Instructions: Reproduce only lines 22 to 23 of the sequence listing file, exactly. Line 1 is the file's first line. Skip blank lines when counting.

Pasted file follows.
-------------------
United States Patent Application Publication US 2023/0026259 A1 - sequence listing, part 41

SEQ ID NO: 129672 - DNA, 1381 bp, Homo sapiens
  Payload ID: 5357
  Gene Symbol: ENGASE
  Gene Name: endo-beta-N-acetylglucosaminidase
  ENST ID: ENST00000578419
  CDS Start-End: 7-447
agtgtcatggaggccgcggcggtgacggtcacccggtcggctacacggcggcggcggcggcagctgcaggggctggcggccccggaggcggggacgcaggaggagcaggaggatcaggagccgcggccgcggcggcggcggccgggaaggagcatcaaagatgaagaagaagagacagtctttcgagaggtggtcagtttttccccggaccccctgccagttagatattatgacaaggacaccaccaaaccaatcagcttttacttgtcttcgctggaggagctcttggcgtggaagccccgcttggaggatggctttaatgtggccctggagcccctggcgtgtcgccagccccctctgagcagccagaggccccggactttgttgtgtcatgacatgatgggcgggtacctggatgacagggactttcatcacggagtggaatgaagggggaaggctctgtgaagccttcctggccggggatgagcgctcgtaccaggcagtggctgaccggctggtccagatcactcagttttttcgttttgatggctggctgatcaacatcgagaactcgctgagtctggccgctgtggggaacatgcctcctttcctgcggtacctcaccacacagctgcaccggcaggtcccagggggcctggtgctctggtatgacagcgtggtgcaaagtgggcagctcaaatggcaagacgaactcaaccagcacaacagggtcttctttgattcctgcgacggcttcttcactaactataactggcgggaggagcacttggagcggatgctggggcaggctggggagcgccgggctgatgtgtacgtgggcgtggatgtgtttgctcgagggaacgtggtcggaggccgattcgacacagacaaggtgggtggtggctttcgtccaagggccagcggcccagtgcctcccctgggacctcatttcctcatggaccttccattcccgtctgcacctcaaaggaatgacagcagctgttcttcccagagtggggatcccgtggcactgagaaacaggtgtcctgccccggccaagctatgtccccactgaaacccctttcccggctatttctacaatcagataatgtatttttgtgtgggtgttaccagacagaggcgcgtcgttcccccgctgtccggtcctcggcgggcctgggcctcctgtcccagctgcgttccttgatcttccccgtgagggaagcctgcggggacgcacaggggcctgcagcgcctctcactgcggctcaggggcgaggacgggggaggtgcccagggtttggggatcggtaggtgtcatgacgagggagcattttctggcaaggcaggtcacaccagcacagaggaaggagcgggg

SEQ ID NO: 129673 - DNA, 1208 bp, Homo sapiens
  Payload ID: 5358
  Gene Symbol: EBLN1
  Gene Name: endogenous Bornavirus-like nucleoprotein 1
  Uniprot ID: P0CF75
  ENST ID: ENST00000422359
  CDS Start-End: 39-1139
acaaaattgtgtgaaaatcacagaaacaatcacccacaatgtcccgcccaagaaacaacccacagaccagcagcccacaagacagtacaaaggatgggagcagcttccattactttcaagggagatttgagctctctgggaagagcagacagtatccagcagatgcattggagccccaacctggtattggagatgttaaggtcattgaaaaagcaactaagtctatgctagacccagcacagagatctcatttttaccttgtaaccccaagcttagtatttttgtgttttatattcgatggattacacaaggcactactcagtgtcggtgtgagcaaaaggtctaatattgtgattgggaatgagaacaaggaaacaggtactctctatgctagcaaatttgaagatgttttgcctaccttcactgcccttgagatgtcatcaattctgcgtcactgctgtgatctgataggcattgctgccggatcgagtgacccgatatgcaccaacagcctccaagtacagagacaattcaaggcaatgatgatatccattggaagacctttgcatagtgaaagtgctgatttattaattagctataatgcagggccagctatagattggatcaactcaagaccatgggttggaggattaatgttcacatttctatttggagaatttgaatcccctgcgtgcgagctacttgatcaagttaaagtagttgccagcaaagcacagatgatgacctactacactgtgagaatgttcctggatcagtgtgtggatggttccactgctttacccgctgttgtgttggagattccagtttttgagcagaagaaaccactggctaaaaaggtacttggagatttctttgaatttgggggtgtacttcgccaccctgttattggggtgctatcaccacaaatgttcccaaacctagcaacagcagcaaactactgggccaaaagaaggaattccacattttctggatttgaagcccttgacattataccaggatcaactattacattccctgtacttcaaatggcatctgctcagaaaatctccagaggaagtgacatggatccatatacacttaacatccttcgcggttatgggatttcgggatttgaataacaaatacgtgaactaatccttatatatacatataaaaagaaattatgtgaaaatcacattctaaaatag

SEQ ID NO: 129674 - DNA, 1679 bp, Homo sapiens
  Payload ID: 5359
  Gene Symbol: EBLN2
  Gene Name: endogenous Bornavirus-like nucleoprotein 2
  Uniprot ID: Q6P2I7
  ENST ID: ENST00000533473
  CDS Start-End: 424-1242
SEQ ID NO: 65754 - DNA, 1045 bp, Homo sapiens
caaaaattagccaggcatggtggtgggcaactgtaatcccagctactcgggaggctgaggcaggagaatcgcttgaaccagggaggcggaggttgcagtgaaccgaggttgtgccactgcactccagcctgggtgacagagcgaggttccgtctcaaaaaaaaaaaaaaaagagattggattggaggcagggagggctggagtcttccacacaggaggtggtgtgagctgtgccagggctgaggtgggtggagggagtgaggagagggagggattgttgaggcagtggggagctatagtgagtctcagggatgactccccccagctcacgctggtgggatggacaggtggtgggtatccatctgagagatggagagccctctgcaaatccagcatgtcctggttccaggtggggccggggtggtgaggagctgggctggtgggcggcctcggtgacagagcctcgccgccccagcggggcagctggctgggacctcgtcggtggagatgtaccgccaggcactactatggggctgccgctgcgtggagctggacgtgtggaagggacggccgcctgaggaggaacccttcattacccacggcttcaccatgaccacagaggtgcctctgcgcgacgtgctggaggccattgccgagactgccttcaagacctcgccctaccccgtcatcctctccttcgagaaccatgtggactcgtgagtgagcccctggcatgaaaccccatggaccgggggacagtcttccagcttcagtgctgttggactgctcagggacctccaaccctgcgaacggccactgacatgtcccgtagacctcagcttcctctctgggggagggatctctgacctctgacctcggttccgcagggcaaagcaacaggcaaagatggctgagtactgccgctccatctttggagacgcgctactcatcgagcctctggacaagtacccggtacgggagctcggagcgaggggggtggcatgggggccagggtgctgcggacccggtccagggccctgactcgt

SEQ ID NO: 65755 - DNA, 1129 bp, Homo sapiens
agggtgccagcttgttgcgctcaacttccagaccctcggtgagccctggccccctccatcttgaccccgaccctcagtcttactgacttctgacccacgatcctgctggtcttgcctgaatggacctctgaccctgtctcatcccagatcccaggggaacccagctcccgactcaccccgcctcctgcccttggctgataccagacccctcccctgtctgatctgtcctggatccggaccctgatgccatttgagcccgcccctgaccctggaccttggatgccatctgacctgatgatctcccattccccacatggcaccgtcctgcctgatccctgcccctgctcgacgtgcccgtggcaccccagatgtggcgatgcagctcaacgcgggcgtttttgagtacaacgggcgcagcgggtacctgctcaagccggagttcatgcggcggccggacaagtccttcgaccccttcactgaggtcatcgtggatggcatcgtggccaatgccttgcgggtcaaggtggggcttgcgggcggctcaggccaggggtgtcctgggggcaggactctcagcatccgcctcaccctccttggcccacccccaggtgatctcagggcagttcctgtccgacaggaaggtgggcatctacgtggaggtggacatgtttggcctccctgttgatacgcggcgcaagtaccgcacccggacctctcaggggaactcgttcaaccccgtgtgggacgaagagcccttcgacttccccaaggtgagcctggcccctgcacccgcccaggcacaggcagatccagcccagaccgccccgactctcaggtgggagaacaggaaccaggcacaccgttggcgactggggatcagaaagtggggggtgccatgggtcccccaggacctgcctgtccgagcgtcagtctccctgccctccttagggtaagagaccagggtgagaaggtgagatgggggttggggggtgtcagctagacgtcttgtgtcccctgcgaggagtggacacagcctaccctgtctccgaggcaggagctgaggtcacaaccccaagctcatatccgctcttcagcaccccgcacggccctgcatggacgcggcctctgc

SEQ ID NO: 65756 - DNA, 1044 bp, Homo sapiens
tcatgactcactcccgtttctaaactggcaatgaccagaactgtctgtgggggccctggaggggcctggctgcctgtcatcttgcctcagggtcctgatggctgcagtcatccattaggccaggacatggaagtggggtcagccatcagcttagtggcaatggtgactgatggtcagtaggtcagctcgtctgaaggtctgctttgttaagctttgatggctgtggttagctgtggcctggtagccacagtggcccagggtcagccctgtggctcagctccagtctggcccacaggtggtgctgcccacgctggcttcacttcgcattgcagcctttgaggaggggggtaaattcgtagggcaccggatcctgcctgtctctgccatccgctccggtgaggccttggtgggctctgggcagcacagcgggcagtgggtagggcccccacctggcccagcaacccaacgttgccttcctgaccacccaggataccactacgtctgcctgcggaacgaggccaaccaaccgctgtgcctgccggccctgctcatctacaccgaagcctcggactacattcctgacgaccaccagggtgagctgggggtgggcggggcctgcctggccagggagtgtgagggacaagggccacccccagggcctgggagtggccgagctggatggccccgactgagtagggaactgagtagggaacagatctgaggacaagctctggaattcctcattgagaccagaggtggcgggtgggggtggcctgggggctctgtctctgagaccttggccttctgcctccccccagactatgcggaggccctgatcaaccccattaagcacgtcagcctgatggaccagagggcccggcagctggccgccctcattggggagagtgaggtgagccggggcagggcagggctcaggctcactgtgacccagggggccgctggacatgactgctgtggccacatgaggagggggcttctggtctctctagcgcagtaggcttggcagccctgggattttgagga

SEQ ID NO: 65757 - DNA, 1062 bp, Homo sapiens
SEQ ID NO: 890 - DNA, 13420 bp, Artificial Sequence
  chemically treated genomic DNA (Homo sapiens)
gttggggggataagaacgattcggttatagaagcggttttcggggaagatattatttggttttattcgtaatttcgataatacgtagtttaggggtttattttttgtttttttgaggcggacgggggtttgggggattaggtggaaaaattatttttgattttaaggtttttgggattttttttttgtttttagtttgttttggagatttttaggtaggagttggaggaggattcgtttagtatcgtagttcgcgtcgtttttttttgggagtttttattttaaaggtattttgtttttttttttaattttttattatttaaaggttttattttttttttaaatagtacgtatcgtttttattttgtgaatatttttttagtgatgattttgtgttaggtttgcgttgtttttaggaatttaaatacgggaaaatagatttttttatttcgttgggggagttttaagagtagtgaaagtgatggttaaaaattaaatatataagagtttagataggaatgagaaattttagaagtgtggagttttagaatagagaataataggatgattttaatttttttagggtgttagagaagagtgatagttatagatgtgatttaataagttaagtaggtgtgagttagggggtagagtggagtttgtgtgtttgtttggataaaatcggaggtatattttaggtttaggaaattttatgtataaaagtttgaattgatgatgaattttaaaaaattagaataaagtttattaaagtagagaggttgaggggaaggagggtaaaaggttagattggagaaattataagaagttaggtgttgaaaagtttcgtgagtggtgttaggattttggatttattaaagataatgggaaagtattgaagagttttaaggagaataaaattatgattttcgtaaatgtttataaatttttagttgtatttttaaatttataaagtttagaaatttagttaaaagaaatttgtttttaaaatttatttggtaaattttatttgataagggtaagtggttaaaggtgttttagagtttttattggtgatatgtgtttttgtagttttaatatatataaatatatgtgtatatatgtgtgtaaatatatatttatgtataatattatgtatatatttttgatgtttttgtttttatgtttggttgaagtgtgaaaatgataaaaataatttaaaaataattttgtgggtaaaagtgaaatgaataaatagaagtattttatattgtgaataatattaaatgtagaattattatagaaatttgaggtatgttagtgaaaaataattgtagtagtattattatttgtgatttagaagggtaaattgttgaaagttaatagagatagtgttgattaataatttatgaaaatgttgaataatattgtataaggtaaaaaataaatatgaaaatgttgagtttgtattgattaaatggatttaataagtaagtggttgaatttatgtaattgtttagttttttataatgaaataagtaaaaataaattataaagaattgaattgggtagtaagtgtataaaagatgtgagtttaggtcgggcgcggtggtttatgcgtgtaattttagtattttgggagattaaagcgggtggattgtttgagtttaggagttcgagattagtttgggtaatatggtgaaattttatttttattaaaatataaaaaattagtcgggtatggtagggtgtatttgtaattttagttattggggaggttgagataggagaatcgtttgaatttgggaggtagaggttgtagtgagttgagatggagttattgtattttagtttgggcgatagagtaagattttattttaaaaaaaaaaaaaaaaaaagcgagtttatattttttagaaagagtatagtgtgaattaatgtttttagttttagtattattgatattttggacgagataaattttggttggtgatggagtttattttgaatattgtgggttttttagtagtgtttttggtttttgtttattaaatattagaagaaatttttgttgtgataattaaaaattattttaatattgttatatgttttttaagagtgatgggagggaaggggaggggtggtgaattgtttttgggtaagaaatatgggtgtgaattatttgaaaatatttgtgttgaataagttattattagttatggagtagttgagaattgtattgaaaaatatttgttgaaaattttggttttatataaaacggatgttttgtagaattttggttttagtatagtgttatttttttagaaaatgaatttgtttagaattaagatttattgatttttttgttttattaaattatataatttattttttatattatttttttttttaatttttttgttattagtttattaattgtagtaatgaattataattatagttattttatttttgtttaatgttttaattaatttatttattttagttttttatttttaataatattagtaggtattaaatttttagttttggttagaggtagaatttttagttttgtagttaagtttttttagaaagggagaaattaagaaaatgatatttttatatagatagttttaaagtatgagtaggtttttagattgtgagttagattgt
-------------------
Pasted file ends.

  ENST ID: ENST00000533473
  CDS Start-End: 424-1242